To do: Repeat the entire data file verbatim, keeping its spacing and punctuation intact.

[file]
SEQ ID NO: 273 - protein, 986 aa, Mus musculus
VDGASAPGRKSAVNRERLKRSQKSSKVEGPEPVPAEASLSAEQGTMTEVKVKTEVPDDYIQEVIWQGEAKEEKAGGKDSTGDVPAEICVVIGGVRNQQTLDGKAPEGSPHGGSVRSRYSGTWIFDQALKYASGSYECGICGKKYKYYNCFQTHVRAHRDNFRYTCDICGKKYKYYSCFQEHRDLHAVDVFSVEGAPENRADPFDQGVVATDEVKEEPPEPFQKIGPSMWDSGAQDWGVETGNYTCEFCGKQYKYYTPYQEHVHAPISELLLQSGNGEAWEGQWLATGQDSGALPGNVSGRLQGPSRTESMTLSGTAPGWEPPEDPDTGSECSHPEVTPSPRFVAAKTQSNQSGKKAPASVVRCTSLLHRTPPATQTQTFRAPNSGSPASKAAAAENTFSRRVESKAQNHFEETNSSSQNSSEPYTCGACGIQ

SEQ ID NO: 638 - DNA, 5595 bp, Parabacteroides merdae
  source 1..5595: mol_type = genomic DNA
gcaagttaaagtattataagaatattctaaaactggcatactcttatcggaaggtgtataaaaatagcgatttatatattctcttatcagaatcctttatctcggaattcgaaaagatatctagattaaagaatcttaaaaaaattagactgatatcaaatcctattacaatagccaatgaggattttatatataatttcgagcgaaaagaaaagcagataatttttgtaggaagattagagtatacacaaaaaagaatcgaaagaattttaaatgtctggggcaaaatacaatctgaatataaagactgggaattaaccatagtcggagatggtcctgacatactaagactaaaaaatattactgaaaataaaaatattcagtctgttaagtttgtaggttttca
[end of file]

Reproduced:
SEQ ID NO: 273 - protein, 986 aa, Mus musculus
VDGASAPGRKSAVNRERLKRSQKSSKVEGPEPVPAEASLSAEQGTMTEVKVKTEVPDDYIQEVIWQGEAKEEKAGGKDSTGDVPAEICVVIGGVRNQQTLDGKAPEGSPHGGSVRSRYSGTWIFDQALKYASGSYECGICGKKYKYYNCFQTHVRAHRDNFRYTCDICGKKYKYYSCFQEHRDLHAVDVFSVEGAPENRADPFDQGVVATDEVKEEPPEPFQKIGPSMWDSGAQDWGVETGNYTCEFCGKQYKYYTPYQEHVHAPISELLLQSGNGEAWEGQWLATGQDSGALPGNVSGRLQGPSRTESMTLSGTAPGWEPPEDPDTGSECSHPEVTPSPRFVAAKTQSNQSGKKAPASVVRCTSLLHRTPPATQTQTFRAPNSGSPASKAAAAENTFSRRVESKAQNHFEETNSSSQNSSEPYTCGACGIQ

SEQ ID NO: 638 - DNA, 5595 bp, Parabacteroides merdae
  source 1..5595: mol_type = genomic DNA
gcaagttaaagtattataagaatattctaaaactggcatactcttatcggaaggtgtataaaaatagcgatttatatattctcttatcagaatcctttatctcggaattcgaaaagatatctagattaaagaatcttaaaaaaattagactgatatcaaatcctattacaatagccaatgaggattttatatataatttcgagcgaaaagaaaagcagataatttttgtaggaagattagagtatacacaaaaaagaatcgaaagaattttaaatgtctggggcaaaatacaatctgaatataaagactgggaattaaccatagtcggagatggtcctgacatactaagactaaaaaatattactgaaaataaaaatattcagtctgttaagtttgtaggttttca